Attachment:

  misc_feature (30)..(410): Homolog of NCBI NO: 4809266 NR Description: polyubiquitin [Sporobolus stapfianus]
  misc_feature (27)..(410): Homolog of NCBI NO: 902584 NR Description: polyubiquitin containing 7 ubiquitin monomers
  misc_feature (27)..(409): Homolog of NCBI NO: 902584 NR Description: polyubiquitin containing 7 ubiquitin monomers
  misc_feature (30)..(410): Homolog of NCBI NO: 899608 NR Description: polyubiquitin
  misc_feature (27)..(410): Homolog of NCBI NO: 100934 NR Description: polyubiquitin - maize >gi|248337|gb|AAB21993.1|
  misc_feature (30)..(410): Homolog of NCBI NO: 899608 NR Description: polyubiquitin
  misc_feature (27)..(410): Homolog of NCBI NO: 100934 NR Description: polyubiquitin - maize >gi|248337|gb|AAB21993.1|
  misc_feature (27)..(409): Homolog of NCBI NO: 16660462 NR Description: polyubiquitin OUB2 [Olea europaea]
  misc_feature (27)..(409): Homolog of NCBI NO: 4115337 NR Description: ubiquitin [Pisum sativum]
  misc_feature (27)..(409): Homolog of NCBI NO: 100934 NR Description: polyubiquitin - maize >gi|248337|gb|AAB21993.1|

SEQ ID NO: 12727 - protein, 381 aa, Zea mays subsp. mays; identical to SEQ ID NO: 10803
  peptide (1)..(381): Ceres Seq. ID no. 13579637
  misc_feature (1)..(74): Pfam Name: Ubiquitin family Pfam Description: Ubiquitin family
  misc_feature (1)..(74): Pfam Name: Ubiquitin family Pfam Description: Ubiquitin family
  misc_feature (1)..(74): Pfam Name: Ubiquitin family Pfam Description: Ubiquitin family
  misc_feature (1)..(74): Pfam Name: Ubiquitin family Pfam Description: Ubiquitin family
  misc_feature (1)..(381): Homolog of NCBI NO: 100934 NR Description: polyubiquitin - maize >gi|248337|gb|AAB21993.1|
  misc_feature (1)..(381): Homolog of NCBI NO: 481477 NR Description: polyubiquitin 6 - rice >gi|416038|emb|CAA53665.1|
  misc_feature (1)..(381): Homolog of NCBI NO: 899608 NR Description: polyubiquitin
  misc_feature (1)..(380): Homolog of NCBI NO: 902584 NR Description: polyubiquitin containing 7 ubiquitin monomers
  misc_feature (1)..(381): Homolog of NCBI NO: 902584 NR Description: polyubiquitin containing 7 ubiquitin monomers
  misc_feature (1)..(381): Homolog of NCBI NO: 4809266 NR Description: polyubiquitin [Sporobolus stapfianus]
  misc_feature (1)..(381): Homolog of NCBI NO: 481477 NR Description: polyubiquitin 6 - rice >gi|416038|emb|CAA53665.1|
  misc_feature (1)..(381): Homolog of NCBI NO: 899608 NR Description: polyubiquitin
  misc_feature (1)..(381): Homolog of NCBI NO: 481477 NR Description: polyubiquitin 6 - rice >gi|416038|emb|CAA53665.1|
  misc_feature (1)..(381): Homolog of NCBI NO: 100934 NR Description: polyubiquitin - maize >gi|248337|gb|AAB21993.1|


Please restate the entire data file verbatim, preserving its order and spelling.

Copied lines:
  misc_feature (30)..(410): Homolog of NCBI NO: 4809266 NR Description: polyubiquitin [Sporobolus stapfianus]
  misc_feature (27)..(410): Homolog of NCBI NO: 902584 NR Description: polyubiquitin containing 7 ubiquitin monomers
  misc_feature (27)..(409): Homolog of NCBI NO: 902584 NR Description: polyubiquitin containing 7 ubiquitin monomers
  misc_feature (30)..(410): Homolog of NCBI NO: 899608 NR Description: polyubiquitin
  misc_feature (27)..(410): Homolog of NCBI NO: 100934 NR Description: polyubiquitin - maize >gi|248337|gb|AAB21993.1|
  misc_feature (30)..(410): Homolog of NCBI NO: 899608 NR Description: polyubiquitin
  misc_feature (27)..(410): Homolog of NCBI NO: 100934 NR Description: polyubiquitin - maize >gi|248337|gb|AAB21993.1|
  misc_feature (27)..(409): Homolog of NCBI NO: 16660462 NR Description: polyubiquitin OUB2 [Olea europaea]
  misc_feature (27)..(409): Homolog of NCBI NO: 4115337 NR Description: ubiquitin [Pisum sativum]
  misc_feature (27)..(409): Homolog of NCBI NO: 100934 NR Description: polyubiquitin - maize >gi|248337|gb|AAB21993.1|

SEQ ID NO: 12727 - protein, 381 aa, Zea mays subsp. mays; identical to SEQ ID NO: 10803
  peptide (1)..(381): Ceres Seq. ID no. 13579637
  misc_feature (1)..(74): Pfam Name: Ubiquitin family Pfam Description: Ubiquitin family
  misc_feature (1)..(74): Pfam Name: Ubiquitin family Pfam Description: Ubiquitin family
  misc_feature (1)..(74): Pfam Name: Ubiquitin family Pfam Description: Ubiquitin family
  misc_feature (1)..(74): Pfam Name: Ubiquitin family Pfam Description: Ubiquitin family
  misc_feature (1)..(381): Homolog of NCBI NO: 100934 NR Description: polyubiquitin - maize >gi|248337|gb|AAB21993.1|
  misc_feature (1)..(381): Homolog of NCBI NO: 481477 NR Description: polyubiquitin 6 - rice >gi|416038|emb|CAA53665.1|
  misc_feature (1)..(381): Homolog of NCBI NO: 899608 NR Description: polyubiquitin
  misc_feature (1)..(380): Homolog of NCBI NO: 902584 NR Description: polyubiquitin containing 7 ubiquitin monomers
  misc_feature (1)..(381): Homolog of NCBI NO: 902584 NR Description: polyubiquitin containing 7 ubiquitin monomers
  misc_feature (1)..(381): Homolog of NCBI NO: 4809266 NR Description: polyubiquitin [Sporobolus stapfianus]
  misc_feature (1)..(381): Homolog of NCBI NO: 481477 NR Description: polyubiquitin 6 - rice >gi|416038|emb|CAA53665.1|
  misc_feature (1)..(381): Homolog of NCBI NO: 899608 NR Description: polyubiquitin
  misc_feature (1)..(381): Homolog of NCBI NO: 481477 NR Description: polyubiquitin 6 - rice >gi|416038|emb|CAA53665.1|
  misc_feature (1)..(381): Homolog of NCBI NO: 100934 NR Description: polyubiquitin - maize >gi|248337|gb|AAB21993.1|